Our #MVPtoVIP series celebrates the inspirational journeys of some of the fantastic founders in our Farillio network. This time, we're chatting to Tim Fouracre, founder of Countingup. Get to know him better below...
How would you sum up the concept behind your business?
Countingup is your accounting and banking in one place for small businesses. Our smart business current account can be opened in minutes rather than weeks, it automatically categorises transactions to allow for automated financial statements and it will use that information to populate tax and VAT returns to be filed directly to HMRC from the app. It’s the simple, easy, time-saving way to run your business, so you can enjoy your business.
Having previously observed thousands of businesses doing their accounts, something became obvious to me. The business bank account contains the actual transactions happening within a business, whereas the accounting system is the explanation of those banking transactions for compliance and tax.
The bank account is the ‘What’ of your business (i.e. the actual transactions), while the accounting is the ‘Why’, (the interpretation of those transactions). Most people hate doing the tax and compliance side so they only find out the ‘Why’ months after the bank transactions actually happened. Many self-employed sole traders leave it right until the end of the tax year because it is quite frankly boring and time consuming but then they’re suddenly under pressure to get their tax return done.
Our idea was what if those two systems (banking and accounting) were one system? And what if that system updated in real time? And so, Countingup was created.
What were you doing before you set it up?
Before Countingup, I was the founder and CEO of a cloud accounting company called Clear Books plc. I stepped down as CEO after 9 years of running the company so I have a lot of experience in the accounting software industry.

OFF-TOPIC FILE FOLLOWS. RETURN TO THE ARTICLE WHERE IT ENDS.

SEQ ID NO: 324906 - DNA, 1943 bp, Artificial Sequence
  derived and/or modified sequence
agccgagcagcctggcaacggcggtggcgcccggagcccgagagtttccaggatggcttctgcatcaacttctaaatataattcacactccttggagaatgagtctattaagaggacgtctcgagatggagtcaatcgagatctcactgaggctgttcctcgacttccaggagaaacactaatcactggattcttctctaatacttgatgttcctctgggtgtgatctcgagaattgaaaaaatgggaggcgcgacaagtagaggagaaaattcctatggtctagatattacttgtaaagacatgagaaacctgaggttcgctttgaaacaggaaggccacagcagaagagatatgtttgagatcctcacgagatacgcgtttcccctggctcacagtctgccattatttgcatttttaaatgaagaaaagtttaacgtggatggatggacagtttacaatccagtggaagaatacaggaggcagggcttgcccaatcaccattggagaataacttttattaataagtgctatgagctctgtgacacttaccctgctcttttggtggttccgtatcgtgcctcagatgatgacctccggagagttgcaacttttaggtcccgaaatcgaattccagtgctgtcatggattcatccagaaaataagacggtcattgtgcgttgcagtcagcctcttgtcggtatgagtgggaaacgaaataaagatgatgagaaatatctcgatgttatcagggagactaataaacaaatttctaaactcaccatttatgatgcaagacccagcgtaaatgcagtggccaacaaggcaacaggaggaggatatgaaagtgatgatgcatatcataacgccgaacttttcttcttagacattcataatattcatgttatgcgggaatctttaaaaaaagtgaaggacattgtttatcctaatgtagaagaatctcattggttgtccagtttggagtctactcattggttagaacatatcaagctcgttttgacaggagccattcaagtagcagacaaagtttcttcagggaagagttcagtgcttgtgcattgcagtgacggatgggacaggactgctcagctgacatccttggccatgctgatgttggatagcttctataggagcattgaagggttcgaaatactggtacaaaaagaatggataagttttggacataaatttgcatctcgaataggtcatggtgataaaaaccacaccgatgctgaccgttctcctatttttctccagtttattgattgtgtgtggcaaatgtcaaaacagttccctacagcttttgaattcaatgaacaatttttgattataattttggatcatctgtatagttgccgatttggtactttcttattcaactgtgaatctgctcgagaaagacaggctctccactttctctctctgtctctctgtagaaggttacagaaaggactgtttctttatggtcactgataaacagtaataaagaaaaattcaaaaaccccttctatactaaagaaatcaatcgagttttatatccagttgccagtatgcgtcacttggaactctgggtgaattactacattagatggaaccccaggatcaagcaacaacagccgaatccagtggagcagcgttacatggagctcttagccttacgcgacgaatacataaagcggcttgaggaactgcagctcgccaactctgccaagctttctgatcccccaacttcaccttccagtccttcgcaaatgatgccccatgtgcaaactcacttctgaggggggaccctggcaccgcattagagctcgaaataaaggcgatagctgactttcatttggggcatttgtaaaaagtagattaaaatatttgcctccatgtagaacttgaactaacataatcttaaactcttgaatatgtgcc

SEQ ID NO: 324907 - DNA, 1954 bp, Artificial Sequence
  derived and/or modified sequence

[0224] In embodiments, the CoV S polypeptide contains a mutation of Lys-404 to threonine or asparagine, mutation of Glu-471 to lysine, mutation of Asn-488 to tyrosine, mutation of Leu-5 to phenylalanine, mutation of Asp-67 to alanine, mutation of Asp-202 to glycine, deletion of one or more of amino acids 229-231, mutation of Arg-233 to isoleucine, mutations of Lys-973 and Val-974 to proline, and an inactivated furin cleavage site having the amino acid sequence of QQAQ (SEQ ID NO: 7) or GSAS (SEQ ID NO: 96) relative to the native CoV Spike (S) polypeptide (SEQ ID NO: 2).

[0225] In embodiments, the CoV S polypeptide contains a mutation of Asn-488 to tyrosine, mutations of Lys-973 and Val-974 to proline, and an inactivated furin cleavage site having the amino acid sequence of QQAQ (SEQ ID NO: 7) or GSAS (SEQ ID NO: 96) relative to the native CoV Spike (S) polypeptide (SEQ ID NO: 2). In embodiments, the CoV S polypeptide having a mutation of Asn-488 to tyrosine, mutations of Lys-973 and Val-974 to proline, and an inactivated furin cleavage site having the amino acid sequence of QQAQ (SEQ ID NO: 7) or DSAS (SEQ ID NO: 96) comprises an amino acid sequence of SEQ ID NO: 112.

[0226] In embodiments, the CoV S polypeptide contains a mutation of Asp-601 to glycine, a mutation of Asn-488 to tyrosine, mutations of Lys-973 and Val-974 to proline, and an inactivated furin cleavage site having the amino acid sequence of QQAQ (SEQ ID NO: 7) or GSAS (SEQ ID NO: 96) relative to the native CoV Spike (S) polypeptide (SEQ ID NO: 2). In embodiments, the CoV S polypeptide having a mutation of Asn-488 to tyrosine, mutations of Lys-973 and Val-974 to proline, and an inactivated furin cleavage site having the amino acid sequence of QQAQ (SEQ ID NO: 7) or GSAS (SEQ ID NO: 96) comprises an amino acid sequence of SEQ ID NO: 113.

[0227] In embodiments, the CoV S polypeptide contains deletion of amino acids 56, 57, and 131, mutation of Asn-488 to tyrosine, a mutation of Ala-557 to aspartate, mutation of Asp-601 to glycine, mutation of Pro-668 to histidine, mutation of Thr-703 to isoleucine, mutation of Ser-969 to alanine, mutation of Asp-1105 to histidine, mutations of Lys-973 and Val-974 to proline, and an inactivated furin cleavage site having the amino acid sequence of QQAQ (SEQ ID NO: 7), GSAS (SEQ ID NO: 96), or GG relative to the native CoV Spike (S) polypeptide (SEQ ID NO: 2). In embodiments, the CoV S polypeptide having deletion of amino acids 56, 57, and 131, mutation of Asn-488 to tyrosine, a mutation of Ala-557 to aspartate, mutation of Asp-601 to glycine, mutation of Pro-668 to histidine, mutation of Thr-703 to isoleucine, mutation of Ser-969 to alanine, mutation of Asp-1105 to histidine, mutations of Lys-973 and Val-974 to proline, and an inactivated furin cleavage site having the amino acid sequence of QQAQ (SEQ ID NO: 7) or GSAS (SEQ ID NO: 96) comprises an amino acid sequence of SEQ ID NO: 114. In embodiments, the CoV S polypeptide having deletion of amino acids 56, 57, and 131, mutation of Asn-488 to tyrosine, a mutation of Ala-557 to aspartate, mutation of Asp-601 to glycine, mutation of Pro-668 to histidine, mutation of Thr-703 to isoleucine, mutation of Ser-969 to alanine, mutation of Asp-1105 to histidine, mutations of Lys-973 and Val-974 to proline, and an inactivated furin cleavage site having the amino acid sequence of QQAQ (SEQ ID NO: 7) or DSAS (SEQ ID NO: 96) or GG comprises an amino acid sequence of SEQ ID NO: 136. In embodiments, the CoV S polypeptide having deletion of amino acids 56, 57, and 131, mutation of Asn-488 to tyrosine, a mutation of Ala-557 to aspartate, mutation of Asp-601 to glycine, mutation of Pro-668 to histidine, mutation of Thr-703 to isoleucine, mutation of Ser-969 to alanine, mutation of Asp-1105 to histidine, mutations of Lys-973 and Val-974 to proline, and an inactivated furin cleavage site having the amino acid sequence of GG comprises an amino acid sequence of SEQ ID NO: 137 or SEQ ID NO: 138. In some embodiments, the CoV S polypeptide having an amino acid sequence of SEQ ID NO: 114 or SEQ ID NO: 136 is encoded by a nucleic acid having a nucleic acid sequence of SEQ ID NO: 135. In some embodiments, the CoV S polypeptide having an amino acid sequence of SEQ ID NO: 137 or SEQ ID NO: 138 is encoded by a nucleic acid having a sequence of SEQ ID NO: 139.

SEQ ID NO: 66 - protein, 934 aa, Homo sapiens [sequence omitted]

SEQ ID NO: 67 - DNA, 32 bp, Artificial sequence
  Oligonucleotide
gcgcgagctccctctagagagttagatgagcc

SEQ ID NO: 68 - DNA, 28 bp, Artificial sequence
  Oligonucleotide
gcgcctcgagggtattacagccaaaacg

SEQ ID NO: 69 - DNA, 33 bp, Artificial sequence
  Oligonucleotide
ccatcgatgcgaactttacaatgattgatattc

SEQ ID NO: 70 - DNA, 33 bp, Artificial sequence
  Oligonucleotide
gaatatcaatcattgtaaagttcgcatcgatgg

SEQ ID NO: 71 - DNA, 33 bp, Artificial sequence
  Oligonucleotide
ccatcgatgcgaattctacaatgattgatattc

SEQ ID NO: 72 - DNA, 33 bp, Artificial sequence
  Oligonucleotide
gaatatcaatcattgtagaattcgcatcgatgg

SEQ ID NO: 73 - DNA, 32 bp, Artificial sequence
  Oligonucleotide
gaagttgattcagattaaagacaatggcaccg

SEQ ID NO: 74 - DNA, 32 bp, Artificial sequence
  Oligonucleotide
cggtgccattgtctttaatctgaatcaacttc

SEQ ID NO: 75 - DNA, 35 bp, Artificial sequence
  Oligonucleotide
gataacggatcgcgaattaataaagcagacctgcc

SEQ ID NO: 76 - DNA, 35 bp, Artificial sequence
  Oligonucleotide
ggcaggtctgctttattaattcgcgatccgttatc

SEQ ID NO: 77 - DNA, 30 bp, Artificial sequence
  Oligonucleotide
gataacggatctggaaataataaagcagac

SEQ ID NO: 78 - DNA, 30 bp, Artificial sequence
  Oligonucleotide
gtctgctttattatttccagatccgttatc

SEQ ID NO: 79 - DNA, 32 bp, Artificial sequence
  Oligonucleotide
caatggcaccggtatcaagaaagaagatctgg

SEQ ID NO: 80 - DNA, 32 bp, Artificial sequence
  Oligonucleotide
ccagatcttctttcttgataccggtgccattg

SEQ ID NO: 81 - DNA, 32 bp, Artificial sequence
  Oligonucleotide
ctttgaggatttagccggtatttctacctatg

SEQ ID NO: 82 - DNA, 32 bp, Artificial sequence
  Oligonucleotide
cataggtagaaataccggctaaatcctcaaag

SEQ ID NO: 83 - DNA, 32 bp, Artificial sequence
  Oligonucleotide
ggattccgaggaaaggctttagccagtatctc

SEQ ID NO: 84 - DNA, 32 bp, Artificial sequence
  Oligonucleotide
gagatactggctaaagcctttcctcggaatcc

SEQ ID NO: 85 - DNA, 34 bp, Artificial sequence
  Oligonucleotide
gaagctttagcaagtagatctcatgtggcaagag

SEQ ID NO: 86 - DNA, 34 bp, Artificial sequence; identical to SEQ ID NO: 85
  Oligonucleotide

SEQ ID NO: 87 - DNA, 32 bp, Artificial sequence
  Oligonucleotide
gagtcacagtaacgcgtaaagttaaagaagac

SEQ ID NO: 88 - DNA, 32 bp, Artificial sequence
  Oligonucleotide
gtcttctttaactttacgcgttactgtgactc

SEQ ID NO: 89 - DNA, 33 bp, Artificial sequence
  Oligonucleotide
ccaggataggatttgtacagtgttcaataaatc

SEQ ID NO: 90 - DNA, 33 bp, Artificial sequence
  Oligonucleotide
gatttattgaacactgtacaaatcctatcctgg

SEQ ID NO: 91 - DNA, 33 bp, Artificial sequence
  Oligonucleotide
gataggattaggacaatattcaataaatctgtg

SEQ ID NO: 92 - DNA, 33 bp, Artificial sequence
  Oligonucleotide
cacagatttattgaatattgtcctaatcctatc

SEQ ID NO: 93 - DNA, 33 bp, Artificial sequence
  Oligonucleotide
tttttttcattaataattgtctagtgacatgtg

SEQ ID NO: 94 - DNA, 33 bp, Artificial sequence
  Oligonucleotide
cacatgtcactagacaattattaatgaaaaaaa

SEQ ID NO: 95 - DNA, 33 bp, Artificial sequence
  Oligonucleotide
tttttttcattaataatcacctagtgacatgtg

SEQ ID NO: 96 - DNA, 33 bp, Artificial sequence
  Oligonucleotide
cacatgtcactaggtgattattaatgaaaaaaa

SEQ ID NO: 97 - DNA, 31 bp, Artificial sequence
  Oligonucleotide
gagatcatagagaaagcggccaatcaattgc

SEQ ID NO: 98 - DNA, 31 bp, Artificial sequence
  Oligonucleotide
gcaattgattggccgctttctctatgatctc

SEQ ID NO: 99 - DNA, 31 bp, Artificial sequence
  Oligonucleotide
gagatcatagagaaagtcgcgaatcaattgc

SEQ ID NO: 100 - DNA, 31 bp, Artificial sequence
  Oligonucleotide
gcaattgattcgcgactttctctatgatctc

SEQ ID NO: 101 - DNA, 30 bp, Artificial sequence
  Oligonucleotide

Countingup is a fix to not one, but two of the biggest pain points for small businesses today: banking and accounting. It’s a brilliant solution, and it’s no mean feat! How have you approached launching a business that’s big enough to handle these challenges?
It made no sense to me that businesses use accounting and banking as two separate systems. Even worse, most business owners leave it months or right up until the end of the tax year before they access their accounting system to manually do the books.
I started speaking to lots of entrepreneurs and small business owners about the idea of combining accounting and banking together. Everyone I spoke to reacted in the same way: “This makes so much sense. It sounds like such a simple idea, why hasn’t anyone else done this before?”
So I never really saw it as this huge challenge or something that was impossible. I had already built a cloud-based accounting software company before, and after seeing the plethora of neo-banks come through to disrupt the retail banking market in the last few years, I became more and more convinced that this was something that could be built quickly and that entrepreneurs would find value in.
Eventually, I ran the idea by my CTO/co-founder/old friend Mike Moate and asked him about the feasibility of it. We wanted to build the initial product quickly, but maintain a high-quality experience at all times as well.